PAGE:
We’ve had our first fitting on the wedding dress, and it went pretty well :) Although the toile was only a rough outline of how the dress will actually be, it did show the important ideas and the fit actually wasn’t too bad!
I didn’t make the under skirt for this one because I feel like I need a fairly accurate pattern for the outer to base it on. But seeing as we had loads of great mash laying around we stuffed it under the calico just for kicks. The effect is a bit more Queen Victoria than Ellie Saab, but it kept us amused for a bit.
So I pinned in the toile as needed. The waist seem needed to come up a few cm, but the length on the skirt was actually ok. I took quite a bit of width off the bodice and shaped dart more closely over the bust.
The sleeve needed to be slimmer and the shoulders had to come in a lot.
The double mesh on the sleeve was a winner, so much so that Paula’s decided to have it on the bodice too. It’ll be quite a bit more stretchy than the calico so I’ll need to bear that in mind on my next pattern, I can probably afford to shave a little more off the seams and straighten up some of the more finickity shapings.
I marked up the toile where it had been pinned and cut along to make my new pieces. I have joined the dart up into the armhole to make a princess seam, which I think will give us the best possible shaping for Paula’s boobs and will mean that we can have more control over the grain line, and therefore the stretch, in the side section.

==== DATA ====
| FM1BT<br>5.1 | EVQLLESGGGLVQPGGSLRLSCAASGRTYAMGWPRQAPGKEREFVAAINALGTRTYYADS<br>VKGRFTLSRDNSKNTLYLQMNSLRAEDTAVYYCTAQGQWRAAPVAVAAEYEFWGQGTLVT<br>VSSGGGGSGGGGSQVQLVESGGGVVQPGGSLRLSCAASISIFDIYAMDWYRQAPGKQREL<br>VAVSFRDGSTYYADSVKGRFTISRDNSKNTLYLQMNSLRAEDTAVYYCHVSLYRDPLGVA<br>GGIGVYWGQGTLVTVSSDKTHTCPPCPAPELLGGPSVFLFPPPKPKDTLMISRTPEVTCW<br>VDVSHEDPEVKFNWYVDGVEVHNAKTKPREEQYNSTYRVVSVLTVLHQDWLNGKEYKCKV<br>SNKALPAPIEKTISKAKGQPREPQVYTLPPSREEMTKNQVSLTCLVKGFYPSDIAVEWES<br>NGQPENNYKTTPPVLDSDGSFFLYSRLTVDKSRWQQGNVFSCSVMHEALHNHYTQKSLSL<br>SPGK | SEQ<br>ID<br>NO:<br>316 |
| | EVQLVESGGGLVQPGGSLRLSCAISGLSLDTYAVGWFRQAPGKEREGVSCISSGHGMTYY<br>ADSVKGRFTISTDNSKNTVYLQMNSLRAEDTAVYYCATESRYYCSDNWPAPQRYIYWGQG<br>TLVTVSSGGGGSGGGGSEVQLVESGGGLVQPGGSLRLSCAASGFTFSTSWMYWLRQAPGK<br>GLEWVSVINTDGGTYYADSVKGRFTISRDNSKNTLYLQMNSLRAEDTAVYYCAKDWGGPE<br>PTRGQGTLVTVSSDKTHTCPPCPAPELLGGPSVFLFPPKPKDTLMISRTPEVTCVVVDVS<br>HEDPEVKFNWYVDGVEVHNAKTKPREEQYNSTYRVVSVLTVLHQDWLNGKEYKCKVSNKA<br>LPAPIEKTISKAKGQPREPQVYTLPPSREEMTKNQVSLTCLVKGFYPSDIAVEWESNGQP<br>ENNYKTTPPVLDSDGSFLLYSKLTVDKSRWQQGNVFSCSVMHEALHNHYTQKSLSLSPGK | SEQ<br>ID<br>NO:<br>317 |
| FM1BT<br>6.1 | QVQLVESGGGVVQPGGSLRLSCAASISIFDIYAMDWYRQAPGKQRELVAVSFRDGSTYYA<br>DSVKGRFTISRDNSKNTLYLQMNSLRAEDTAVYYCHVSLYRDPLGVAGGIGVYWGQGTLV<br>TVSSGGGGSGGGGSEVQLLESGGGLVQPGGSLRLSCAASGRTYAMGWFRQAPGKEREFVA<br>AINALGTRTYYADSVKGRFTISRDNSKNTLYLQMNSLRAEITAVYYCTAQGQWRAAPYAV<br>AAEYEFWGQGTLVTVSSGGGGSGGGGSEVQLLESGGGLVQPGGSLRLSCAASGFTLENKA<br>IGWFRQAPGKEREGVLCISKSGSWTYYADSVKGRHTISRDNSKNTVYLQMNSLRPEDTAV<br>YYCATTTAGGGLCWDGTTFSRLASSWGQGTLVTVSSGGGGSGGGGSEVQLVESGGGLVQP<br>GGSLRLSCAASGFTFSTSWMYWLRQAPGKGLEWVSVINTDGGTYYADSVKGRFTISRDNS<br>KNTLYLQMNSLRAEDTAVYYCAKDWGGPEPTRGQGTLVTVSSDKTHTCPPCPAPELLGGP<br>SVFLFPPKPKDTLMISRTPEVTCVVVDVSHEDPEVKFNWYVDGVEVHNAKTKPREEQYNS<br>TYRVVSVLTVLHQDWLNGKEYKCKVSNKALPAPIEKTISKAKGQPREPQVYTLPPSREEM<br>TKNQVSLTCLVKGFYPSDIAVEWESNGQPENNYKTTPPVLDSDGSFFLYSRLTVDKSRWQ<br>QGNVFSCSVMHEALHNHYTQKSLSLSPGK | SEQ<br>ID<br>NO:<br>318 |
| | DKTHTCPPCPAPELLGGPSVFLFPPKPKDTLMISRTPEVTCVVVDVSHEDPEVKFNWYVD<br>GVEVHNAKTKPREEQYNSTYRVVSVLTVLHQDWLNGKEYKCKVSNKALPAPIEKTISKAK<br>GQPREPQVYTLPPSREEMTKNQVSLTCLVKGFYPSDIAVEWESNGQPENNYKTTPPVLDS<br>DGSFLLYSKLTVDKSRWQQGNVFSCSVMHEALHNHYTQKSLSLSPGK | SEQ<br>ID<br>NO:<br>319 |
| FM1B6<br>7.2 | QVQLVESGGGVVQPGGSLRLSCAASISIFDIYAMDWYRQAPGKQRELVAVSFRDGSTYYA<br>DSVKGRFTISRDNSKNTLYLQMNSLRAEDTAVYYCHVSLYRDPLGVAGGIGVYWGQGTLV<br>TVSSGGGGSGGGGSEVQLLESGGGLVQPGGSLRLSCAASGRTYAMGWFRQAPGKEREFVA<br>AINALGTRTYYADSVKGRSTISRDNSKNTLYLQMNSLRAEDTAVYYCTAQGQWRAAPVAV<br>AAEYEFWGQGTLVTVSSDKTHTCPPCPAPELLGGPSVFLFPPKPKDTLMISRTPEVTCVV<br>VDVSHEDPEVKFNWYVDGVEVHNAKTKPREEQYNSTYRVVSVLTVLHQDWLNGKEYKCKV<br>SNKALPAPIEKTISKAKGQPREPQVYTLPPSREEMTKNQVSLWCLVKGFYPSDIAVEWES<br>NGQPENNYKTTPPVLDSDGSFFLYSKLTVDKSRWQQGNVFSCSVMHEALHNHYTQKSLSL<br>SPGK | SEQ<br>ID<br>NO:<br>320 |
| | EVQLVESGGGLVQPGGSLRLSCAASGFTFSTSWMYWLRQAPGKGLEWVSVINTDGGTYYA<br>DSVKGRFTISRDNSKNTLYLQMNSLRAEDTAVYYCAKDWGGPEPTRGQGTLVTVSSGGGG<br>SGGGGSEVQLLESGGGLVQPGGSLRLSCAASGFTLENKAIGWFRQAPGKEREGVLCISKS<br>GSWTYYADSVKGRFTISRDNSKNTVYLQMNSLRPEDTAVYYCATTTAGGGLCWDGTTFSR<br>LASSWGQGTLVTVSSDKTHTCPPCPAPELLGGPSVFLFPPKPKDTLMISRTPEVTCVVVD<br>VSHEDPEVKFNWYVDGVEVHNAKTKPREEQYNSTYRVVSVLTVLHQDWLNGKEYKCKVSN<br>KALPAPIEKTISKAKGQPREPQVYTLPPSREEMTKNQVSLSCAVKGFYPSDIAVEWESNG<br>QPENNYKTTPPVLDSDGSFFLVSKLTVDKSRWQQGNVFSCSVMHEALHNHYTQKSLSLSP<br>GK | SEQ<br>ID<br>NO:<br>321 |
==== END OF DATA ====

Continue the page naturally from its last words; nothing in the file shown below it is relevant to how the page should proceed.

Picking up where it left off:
Where I cut the new armhole a large chuck of calico remained on the sleeve:
I need to add this on to the sleevehead to keep the length over and around the shoulder joint, but re-arranging this extra volume to make a flat sleeve piece will require a little juggling. I have slashed into the edge to release the tension. When I trace this piece out I will reshape the sleevehead to match the armhole on the body side and slim down the width, so we can keep the length and use the stretch in the mesh. That may not make a lot of sense! But in my head I’m sure I can see a way to re-draft this mish-mash of a piece into a nice fitted sleeve.
For the skirt the volume at the hem was nice but the pleats were not: I’m going to take those away and make the skirt in 7 plain panels instead. I’ve pinned out the pleats and pressed the skirt pieces flat. I’ve drawn on new seam lines to split the pieces into more panels and cut along. When I trace these pieces out onto paper I will smooth out the waist edges and add a new grain line on the side panels.
Next I need to trace all of these pieces onto pattern paper, checking that everything still adds up and will fit back together again! I need to add notches and seam allowance and generally turn this into a real pattern. I also need to use this skirt pattern to make an under skirt pattern. Because the top part is now entirely in soft and stretchy mesh it won’t be stable enough to hold up the full, heavy skirt. I’m planning to solve this with a facing for the skirt which is sturdy and well-fitting, possibly even with a bit of boning in it, to anchor the skirt on the hips. This will mean that skirt is entirely self-supporting, with the top part attached at the waist seam giving the look of a normal dress.
And from this facing the panels of lining and mesh will come down to reach the floor. I’m sort of winging it on the volume here! But I think and educated guess will be fine and we can take out/add in as required in the second fitting.
Total hours worked: 14